Two decades ago the Mural Arts Program's celebrated director tried to save a talented painted from the streets. Now they're working together in prison.
"I just thought, 'Boy, I bet these guys would really like doing murals because they're big, they're outdoors. They're natural wall hunters and they're clearly not scared of heights."
For several years she and Tran schlepped around in her dented Ford (once an undercover police car), trying to engage wall writers, and admiring their better work along the way. Spel's name came up frequently.
"He'd show me Spel's pieces," Golden recalls. "The big colorful ones with scenic backgrounds--burners or New Yorkers, they called them--and I'd be like, 'God, this guy's so talented. Let's recruit him.' You see some graffiti, and even if it's pretty good, you feel like you've seen a million like them. His stood out."
As Golden navigated the city's graffiti subculture, she heard Hardcore and Toy dropping fellow writer Spel's name.
Jonathan Heard, a Graffiti Network employee for more than 20 years and a fabled '70s wall writer in his own right (his "Johnski" tag was almost as recognizable as "Cornbread"), says Spel had serious cred.
"He had more of a New York style. He did big things with a lot of colors," Heard says. "Cornbread and myself, we were basic black and silver, hit and split. He had a real nice hand."
Another Mural Arts employee and ex-writer who gives his name only as "Smack" recalls a burner Spel did on a wall at South Philly's Bok Vocational High School depicting a flamboyant character strutting along while wearing headphones, his face contorted in agony.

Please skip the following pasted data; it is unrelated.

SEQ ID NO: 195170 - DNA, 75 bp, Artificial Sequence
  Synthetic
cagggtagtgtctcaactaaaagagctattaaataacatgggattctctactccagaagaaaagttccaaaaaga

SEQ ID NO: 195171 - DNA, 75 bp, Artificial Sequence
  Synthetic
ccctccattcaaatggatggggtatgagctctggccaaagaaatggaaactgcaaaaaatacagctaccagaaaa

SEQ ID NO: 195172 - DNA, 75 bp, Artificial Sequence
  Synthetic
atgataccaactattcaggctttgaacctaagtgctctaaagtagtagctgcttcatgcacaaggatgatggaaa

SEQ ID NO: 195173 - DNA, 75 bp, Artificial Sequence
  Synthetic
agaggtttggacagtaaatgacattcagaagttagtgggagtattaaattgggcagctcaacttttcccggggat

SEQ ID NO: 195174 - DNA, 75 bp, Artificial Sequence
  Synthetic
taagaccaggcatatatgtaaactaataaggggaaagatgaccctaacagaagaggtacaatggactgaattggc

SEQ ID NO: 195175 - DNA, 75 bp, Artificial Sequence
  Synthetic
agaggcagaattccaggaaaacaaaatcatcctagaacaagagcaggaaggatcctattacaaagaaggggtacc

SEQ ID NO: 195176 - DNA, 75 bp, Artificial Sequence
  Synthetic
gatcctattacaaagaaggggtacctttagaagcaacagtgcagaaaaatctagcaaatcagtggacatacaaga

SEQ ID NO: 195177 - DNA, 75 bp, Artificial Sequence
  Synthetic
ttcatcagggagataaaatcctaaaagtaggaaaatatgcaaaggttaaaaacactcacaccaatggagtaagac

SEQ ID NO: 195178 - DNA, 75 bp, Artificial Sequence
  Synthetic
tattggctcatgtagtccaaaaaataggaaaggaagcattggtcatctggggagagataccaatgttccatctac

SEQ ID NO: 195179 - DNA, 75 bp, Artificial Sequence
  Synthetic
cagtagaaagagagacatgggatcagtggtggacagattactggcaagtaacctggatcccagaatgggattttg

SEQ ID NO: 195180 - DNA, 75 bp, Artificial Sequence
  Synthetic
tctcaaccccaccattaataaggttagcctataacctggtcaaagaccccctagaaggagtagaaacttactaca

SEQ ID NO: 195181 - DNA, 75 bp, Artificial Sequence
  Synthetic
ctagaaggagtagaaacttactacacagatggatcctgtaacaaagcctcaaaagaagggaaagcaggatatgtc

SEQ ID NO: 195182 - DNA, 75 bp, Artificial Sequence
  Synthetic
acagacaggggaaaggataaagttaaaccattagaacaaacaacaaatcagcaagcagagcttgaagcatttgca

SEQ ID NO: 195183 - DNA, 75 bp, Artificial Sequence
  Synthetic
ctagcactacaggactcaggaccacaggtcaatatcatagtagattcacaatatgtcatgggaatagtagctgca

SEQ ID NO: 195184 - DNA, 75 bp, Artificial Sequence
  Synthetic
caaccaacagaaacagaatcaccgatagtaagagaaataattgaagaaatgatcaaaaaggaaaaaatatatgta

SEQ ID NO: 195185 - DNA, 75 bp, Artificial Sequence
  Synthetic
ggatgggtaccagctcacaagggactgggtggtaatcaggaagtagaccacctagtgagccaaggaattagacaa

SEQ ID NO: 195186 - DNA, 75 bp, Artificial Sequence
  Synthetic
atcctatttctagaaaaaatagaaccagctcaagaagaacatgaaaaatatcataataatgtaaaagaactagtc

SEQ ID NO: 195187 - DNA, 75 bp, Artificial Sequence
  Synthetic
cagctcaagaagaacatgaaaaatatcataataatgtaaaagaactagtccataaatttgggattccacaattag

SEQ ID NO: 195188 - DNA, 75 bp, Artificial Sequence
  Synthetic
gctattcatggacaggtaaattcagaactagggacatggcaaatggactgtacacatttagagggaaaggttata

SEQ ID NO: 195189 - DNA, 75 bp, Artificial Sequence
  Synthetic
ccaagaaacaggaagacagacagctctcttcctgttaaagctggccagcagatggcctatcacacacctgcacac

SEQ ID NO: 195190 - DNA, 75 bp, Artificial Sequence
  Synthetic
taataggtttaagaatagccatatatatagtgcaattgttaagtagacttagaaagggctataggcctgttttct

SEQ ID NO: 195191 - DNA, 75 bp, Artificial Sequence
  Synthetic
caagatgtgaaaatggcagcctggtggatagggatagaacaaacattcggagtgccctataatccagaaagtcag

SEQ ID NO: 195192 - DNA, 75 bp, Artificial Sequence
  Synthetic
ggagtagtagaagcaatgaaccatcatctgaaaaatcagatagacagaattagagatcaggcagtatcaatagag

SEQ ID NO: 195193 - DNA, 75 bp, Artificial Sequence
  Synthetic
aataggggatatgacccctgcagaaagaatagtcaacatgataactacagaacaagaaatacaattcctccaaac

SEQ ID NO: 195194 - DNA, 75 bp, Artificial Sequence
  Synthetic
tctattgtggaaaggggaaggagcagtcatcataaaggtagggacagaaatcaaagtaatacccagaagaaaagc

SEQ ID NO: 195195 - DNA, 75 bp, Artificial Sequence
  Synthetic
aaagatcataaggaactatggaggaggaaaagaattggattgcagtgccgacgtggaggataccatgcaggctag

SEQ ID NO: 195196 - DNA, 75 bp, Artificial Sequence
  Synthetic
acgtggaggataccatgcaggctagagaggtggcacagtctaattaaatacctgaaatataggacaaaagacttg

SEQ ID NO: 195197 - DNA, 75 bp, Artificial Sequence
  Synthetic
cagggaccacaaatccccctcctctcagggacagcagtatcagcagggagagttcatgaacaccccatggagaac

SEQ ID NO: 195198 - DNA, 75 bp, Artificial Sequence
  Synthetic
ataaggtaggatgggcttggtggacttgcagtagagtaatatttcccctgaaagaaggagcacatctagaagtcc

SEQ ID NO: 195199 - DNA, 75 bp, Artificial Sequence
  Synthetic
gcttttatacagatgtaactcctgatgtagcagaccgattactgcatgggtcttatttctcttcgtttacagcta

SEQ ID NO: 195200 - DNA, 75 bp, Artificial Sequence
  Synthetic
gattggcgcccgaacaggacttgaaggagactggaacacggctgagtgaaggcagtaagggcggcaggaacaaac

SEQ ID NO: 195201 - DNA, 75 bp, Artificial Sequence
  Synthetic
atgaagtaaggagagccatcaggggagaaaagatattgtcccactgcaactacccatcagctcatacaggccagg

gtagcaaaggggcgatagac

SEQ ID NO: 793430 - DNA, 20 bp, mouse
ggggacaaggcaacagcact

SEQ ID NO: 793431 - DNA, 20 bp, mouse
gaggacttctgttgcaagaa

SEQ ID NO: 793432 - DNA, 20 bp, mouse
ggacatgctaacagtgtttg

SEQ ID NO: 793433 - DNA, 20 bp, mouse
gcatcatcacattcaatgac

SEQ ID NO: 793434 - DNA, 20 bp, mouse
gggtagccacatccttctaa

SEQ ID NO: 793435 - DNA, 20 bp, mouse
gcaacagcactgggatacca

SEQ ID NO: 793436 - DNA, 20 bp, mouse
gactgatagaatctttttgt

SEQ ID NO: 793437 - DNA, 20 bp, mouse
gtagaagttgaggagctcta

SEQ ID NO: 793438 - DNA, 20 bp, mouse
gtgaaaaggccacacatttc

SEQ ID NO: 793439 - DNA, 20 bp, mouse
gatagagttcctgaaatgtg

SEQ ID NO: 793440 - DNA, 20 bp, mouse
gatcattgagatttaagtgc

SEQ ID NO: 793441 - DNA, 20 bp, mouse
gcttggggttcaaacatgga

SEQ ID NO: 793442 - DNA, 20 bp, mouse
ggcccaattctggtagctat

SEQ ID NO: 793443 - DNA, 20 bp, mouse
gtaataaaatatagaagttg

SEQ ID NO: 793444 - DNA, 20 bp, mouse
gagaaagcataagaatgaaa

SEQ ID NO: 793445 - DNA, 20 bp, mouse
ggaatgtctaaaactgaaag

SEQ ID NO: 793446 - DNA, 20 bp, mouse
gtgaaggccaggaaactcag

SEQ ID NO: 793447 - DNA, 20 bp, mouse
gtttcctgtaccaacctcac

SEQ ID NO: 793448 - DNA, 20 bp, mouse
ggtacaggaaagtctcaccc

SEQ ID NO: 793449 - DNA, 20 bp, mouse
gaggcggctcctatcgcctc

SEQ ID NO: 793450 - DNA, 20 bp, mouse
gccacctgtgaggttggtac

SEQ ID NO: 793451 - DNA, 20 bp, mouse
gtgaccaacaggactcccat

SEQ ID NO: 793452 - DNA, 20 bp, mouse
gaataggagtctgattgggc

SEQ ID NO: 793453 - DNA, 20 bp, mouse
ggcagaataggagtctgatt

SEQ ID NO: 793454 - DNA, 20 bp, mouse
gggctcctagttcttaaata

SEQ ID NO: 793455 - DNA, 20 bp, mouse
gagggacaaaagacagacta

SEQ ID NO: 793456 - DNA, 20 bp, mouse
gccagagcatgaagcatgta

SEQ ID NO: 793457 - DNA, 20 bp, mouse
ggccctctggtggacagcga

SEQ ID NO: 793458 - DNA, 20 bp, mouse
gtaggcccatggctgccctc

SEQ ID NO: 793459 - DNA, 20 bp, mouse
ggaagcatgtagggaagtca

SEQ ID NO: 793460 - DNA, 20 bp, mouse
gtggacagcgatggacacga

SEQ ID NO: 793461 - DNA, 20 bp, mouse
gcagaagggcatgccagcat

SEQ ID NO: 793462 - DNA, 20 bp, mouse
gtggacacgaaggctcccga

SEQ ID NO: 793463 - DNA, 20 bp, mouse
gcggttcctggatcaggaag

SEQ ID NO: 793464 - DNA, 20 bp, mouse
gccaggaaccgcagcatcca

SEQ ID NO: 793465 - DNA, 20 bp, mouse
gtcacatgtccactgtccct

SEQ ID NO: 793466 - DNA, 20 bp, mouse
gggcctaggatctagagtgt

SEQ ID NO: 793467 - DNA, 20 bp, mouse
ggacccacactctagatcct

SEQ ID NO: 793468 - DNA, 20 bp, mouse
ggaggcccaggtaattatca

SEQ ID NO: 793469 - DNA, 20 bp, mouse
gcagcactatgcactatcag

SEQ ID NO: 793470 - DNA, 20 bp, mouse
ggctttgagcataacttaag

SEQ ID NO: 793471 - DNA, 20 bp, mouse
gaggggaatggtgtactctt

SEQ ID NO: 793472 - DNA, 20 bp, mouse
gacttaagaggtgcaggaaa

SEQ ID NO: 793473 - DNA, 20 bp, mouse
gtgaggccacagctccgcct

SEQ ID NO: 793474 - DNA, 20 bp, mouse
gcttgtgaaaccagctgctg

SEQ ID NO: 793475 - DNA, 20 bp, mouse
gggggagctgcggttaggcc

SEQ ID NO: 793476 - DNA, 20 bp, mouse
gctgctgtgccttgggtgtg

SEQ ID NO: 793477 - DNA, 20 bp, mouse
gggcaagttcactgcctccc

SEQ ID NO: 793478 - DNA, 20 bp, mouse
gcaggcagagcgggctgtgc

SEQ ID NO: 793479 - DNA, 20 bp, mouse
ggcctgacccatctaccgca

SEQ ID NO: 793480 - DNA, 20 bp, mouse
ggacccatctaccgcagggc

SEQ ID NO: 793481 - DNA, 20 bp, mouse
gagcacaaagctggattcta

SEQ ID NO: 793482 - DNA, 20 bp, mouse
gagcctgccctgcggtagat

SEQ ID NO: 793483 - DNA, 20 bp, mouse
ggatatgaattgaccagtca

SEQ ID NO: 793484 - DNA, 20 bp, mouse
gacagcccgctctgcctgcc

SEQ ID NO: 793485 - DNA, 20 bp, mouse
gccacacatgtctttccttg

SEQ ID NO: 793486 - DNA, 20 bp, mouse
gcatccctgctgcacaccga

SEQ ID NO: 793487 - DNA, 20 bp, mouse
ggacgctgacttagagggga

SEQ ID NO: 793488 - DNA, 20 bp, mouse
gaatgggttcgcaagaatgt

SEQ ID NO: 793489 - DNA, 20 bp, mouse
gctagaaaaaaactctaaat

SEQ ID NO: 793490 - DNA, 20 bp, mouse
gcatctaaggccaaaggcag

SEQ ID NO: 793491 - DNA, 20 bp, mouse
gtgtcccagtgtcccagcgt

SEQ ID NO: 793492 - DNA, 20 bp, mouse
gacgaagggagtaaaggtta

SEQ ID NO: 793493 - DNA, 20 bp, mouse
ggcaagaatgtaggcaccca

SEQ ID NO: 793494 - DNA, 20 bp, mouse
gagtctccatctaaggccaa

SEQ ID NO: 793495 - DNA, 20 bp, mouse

"He just threw it up," Smack says. "Everything he did was nice."
Golden finally crossed paths with Spel one night as he talked shop with taggers Delta, Faid, Teaz and Met on the steps of an El station, a favorite huddling spot.
Spel, slight but self-assured, said he wanted nothing to do with the anti-graffiti movement.
"Some viewed me as law enforcement, and he was like that," Golden says. "He wasn't hostile, but he wasn't that friendly either. He was like, 'She's a cop. She's from Anti.'" She laughs. "I found him arrogant, actually, but I found a lot of them arrogant. Being with Anti-Graffiti was like having a stamp on my forehead."
Golden kept putting out feelers, hoping to win Spel over, but the answer always came back the same: No way.
She eventually gave up, though she did so reluctantly, knowing the Network could help a kid with Spel's talent. There was, for example, Teddy "Knife" Harris, who joined at 15 to enhance his painting skills, then discovered poetry and cultivated a strong following.
"Some of them started producing their own work that was pretty sophisticated," Golden says. "I introduced them to some fairly well-known artists and critics. I still wonder what might've happened with Spel if he'd joined."
Maureen Rush remembers working for the narcotics strike force charged with closing down the open-air drug market at Seventh and Tioga that prospered in the late '80s and early '90s.
"It was one of the worst in the city," says Rush, a former police officer and lieutenant who now serves as vice president for public safety at Penn. "Quite possibly the worst."
Drivers were inundated by dealers offering blow--blue bag, red bag, yellow bag, clear bag.
Geek Invasion 2013